DCG Consulting: Becoming An Extraordinary Dealer

By Stephanie Licata

As I write this, I am sitting in the customer lounge of my popular import brand dealership, one I’ve been doing business with for the past decade. The lounge is comfortable. There is free WiFi.

However, as I look around, no one in this lounge actually wants to be here. There are a few kids who are about to lose it, and a few more parents who will lose it if their kids lose it. One little girl is begging to leave and go to Chick-fil-A. I want to urge her to think bigger (and healthier), but I digress.

I am here because I received a promotional email. Today is the “last day” to stop in and take advantage of this offer I received about turning in my leased car early. The gentlemen who greeted me was nice enough, not pushy, and I’m waiting to see if my car is “good enough” to be eligible for the current promotion. 

I thought it would be the perfect setting to write about what it takes to be an extraordinary dealership. 

Does it mean you have the sleekest showroom floor or cushiest lounge? Does it mean you have the best sales people and the most profits? What is the secret sauce?

We tend to focus on a lot of the externals to determine what we call extraordinary. Don’t get me wrong – these are very important. Dealership cleanliness and comfort matter to customers. Hitting your numbers counts. 

We put a lot of emphasis on customer satisfaction, and rightly so. Customers, repeat customers and positive referrals are critical to a dealership’s success. But we are compelled to look deeper, to answer the question, “Who is your first customer?” 

The Employee

When we don’t connect employee and customer satisfaction we are missing a really big boat that sailed away without us a long time ago. So where does employee satisfaction start?

In a recent interview Gallup Chairman and CEO Jim Clifton was asked critical questions about the new book he co-authored with Gallup’s Chief Workplace Scientist, Jim Harter, “It’s the Manager.”

According to this Amazon best-seller, “A staggering 70% of the variation between great workplace engagement and lousy workplace engagement can be explained just by the quality of the manager or team leader.” What does that mean? Clifton puts it pretty plainly:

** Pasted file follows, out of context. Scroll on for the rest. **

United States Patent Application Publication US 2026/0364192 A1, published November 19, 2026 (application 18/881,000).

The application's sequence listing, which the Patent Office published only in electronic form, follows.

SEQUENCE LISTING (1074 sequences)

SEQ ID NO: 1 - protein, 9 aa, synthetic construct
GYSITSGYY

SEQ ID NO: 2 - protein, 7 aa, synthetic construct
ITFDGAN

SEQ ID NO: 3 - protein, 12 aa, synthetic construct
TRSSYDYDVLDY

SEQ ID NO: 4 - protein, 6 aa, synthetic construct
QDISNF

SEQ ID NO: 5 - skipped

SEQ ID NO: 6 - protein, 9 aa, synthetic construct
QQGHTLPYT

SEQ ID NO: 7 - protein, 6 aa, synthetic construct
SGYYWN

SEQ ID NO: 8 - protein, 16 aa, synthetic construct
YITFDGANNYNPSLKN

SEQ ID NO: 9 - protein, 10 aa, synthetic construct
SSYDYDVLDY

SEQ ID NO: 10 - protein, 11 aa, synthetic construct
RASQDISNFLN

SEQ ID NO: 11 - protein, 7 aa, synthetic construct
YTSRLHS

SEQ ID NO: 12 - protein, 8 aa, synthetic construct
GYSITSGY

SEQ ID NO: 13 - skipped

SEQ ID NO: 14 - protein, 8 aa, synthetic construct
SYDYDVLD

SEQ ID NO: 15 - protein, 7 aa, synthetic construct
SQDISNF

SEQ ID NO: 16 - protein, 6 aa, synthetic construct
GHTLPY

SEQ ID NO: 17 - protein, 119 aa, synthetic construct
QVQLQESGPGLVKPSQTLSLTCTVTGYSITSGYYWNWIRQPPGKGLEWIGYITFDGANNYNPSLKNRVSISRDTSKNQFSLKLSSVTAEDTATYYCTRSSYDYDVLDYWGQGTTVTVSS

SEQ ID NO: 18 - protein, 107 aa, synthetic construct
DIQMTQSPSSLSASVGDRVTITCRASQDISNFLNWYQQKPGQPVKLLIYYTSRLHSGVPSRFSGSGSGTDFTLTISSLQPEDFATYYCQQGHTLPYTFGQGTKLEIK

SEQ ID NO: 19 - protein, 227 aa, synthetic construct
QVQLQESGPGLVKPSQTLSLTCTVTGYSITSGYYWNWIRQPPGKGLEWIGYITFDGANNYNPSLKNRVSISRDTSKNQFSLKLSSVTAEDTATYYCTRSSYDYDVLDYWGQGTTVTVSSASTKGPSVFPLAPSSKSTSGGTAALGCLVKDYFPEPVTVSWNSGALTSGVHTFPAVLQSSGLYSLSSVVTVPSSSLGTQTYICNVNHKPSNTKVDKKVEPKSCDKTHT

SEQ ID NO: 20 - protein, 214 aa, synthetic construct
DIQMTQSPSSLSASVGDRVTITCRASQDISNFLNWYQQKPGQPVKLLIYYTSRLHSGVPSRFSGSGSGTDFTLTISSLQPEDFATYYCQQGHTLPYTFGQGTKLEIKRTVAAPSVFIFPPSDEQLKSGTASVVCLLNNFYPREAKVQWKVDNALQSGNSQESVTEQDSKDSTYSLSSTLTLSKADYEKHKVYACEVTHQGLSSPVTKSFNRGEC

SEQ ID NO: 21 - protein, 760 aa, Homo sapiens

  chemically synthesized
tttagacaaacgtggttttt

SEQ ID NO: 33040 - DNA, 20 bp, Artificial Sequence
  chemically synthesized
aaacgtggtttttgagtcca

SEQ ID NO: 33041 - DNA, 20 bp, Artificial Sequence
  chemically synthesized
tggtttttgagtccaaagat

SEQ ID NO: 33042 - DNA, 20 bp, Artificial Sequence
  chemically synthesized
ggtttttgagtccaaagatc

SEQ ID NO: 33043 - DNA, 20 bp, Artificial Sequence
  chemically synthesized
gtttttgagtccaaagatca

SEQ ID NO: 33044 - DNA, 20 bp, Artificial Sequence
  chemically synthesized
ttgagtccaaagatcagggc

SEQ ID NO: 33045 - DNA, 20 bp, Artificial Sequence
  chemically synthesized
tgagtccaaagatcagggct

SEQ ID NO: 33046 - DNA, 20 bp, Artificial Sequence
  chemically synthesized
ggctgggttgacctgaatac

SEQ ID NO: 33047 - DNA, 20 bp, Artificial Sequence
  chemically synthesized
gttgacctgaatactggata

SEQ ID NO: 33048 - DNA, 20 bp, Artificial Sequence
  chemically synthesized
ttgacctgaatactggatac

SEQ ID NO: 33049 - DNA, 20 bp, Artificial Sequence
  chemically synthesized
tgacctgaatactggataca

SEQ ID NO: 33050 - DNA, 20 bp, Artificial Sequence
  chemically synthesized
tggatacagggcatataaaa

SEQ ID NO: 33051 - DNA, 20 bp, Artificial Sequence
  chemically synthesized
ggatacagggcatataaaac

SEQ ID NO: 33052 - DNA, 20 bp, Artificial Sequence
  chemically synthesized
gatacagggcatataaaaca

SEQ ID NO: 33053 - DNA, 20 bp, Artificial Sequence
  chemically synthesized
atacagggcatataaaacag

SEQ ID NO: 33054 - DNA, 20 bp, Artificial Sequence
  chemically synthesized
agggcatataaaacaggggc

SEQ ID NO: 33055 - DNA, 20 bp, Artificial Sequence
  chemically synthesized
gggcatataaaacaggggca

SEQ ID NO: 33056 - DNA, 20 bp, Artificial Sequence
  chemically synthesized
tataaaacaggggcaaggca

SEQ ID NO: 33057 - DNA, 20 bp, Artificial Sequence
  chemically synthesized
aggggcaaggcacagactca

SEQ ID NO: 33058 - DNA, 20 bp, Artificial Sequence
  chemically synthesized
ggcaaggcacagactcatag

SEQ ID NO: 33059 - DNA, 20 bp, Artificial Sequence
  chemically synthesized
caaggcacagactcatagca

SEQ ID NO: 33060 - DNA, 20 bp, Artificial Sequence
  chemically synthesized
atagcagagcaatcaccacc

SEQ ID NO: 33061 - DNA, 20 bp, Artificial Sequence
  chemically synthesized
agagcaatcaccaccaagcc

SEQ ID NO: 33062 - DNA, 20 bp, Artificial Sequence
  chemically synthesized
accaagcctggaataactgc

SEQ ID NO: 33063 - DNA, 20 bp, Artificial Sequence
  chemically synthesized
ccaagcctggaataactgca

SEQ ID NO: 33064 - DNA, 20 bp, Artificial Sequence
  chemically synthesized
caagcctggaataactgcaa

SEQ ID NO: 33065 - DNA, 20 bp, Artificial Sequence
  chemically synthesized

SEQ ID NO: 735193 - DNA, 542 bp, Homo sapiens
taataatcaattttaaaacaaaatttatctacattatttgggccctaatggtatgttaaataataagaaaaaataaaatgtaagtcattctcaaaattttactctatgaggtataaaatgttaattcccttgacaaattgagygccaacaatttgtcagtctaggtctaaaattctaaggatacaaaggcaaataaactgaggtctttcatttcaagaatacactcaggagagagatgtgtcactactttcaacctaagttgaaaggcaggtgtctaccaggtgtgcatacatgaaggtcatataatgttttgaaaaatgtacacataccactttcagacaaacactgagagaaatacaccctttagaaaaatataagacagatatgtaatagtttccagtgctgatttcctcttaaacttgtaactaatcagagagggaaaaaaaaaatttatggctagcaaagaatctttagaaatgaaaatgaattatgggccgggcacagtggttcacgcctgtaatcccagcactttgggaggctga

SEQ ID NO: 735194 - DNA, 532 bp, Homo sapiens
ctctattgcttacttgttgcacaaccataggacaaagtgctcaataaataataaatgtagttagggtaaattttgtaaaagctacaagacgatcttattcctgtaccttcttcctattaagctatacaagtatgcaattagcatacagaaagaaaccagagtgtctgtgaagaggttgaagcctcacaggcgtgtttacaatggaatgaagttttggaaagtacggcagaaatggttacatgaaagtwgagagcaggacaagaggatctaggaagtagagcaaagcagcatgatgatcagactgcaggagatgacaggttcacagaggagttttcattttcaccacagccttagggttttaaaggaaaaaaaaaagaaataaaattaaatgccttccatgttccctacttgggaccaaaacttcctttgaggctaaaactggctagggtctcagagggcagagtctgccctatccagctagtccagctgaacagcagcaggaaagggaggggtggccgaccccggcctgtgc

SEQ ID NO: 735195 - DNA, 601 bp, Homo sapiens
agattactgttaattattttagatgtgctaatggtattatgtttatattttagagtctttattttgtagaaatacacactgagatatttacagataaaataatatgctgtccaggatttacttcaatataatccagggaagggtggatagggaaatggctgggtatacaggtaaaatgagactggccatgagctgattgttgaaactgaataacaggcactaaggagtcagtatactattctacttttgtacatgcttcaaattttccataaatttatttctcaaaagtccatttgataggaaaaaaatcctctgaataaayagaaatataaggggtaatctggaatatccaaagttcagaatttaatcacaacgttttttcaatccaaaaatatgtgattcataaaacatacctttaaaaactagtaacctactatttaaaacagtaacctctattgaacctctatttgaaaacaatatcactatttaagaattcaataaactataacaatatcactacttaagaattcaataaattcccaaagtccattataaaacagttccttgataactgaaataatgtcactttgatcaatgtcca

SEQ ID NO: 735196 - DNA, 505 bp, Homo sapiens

“Miserable employees ruin customer relationships…Lousy managers create miserable employees who create negative business outcomes.”

It’s a vicious cycle. You’ve probably been part of one or two in your professional career. 

Ending the Cycle

Being an extraordinary dealer is actually the key to having an extraordinary dealership. Extraordinary dealers are open to new ideas, research, staggering business analytics and they don’t ignore it all in favor of outdated management principles. 

Extraordinary dealers know the absurdity of the following outdated leadership statements. They are even revolted by them because they are committed to something bigger: 

  • “People should just be grateful they have a job!”
  • “Do your job. It’s that simple. Don’t want to? There’s the door!”
  • “If you don’t like it, you don’t have to work here.”
  • “If you think you can do my job better, go right ahead.”

Excuse me. The 1960s just called. They want their management principles back. There is a saying to “ride the horse in the direction it is going.” I promise; no horses are headed for the last century.

If you want to do more than succeed in this century, you’ve got to be brave enough to divorce yourself from antiquated ideas that are just plain uninformed. 

So what does the mean for the dealer? According to Clifton, purpose-driven work environments are what the incoming workforce wants. Gallup has put out staggering research spanning the past several years to support that people want more than just a paycheck. “Great leaders have a higher purpose than just profit. Increasing profit should be assumed, but it is not the mission,” Clifton assures. 

And before you go putting a ping-pong table and beer taps in the break room, Clifton is pretty clear on what employees want as far as their own career. “What they really want is career development. They want the same thing their team leader wants from them – they want to improve. They want someone to take a real interest in their development.”

One of the most important messages Clifton shares is the commitment to shift from BOSS to COACH. For more about how to do this, read my previous article here. 

Establishing a coaching culture is critical to developing the extraordinary dealership where employees want to work and customers want to buy. This doesn’t happen overnight. There must be a conscious and planned effort to develop managers to be extraordinary as well. Before you promote the top sales person to GSM, remember that sales results have little to no correlation to actual leadership ability. 

If you are committed to being an extraordinary dealer who leads an extraordinary dealership, start a conversation with DCG Consulting. Our programs and services help to transform culture, develop leaders and improve productivity and profitability from the inside out. Schedule a complimentary consultation here. 

I bet you are wondering what happened at the dealership today. Special thanks to the down-to-earth gentleman who didn’t try to talk me into a deal that didn’t make sense for me (or anyone else) financially. No pressure means I’m definitely coming back.